Gary Rosin comments on the importance of this issue for law schools:
If state licensing, and state licensing (Bar) exams, go the way of the dodo. What does that do to law schools? In most states, only graduates of ABA-approved law schools are qualified to take the Bar exam. With no Bar exam, what happens to the demand for ABA-approved legal education, or to the demand for ABA accreditation?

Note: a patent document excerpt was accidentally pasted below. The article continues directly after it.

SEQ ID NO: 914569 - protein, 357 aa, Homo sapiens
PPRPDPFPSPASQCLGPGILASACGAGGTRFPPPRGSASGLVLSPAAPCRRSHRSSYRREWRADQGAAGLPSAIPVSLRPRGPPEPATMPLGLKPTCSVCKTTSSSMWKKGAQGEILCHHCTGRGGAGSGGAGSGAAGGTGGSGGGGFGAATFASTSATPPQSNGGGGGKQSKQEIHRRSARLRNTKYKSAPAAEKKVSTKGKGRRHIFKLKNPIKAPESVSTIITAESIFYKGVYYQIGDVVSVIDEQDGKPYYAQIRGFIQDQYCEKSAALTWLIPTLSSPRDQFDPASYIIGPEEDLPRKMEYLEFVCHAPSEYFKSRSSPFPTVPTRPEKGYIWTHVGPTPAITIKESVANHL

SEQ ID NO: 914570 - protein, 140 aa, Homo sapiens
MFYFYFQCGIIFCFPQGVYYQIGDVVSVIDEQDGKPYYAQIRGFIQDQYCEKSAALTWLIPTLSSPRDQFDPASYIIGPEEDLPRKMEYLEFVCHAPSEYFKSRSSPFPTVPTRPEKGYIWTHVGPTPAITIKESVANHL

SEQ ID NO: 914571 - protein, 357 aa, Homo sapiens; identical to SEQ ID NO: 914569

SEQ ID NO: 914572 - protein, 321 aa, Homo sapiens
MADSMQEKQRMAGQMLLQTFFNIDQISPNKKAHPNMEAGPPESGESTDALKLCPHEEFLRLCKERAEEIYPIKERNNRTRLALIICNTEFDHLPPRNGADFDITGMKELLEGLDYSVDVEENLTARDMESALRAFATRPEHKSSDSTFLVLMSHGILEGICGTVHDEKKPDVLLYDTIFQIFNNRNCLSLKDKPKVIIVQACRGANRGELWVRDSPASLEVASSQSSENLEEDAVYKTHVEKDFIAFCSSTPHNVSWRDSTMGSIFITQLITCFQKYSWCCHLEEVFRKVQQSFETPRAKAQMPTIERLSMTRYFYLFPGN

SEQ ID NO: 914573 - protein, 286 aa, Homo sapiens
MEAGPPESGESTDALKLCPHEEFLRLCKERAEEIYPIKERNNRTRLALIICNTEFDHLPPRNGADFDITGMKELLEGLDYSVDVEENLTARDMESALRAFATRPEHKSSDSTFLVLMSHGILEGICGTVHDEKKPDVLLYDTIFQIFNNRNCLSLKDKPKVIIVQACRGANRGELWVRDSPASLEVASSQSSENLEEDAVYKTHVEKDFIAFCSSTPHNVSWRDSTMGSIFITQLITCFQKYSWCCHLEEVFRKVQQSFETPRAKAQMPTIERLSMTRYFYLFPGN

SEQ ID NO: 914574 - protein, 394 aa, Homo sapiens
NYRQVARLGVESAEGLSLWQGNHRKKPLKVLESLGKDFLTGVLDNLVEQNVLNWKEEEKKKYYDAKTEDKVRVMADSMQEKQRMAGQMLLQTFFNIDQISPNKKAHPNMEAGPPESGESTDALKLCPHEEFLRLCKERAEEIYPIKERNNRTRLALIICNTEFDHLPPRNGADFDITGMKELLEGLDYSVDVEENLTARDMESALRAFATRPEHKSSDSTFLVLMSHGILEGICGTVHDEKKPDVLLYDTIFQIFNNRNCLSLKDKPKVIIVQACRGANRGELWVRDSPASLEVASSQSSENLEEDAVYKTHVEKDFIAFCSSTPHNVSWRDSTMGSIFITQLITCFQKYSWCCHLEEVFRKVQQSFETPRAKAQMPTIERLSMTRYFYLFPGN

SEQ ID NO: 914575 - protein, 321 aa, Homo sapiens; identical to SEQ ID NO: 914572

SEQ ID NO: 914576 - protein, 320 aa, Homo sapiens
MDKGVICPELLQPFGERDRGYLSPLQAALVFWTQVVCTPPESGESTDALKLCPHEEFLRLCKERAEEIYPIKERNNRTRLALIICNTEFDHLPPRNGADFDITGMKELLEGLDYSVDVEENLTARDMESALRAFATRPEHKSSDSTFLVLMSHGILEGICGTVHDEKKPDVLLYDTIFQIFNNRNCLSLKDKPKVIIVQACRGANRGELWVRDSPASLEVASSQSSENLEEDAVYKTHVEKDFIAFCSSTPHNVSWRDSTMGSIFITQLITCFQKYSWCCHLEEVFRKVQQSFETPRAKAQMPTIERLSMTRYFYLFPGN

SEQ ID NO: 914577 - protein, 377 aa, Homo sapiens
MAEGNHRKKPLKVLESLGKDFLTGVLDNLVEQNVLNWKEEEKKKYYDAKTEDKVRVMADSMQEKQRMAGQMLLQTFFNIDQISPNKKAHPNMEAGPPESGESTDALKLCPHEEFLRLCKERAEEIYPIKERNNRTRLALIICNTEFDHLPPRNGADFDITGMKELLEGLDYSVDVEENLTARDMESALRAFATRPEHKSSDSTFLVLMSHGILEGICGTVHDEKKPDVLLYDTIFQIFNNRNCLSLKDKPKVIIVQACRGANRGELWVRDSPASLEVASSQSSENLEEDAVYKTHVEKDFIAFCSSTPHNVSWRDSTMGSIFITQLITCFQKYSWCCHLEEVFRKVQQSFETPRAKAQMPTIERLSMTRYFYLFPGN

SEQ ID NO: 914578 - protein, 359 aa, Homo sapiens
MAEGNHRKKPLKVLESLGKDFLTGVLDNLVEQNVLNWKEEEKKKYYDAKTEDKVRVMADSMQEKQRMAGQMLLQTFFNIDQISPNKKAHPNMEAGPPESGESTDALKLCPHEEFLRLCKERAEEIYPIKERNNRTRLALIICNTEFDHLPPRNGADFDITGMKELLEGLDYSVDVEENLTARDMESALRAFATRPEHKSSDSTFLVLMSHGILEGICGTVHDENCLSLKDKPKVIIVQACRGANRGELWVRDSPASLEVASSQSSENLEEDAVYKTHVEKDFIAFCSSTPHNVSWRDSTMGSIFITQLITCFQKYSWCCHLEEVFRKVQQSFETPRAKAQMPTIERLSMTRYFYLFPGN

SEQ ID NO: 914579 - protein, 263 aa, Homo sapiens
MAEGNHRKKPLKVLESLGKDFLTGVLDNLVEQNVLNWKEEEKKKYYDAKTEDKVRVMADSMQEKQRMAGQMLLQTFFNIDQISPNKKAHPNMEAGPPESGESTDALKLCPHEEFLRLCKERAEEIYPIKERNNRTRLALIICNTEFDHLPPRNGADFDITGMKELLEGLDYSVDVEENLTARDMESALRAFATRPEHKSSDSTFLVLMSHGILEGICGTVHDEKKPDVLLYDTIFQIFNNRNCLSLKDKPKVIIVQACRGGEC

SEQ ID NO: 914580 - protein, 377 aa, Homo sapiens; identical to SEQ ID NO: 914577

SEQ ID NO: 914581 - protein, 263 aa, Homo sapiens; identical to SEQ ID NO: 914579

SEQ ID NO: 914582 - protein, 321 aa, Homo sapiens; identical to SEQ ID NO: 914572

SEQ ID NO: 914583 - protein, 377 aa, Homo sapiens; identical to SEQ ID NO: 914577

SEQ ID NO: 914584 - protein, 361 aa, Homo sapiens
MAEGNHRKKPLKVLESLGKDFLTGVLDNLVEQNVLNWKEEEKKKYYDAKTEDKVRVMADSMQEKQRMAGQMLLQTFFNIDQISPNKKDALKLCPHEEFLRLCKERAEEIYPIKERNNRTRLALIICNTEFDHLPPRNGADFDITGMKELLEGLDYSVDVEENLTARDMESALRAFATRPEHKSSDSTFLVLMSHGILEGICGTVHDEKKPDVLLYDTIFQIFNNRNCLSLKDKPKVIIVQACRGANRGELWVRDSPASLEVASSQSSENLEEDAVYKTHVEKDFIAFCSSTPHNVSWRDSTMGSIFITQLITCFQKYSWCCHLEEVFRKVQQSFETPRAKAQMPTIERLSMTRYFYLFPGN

At that point, formal legal education would be, at best, a matter of branding, of distinguishing a lawyer from mere providers of "servicios notarios." So, too, would accreditation become a way of branding, with the ABA only one of several law-school accreditors. But would the ABA retain its power if it no longer controlled the gates to the profession?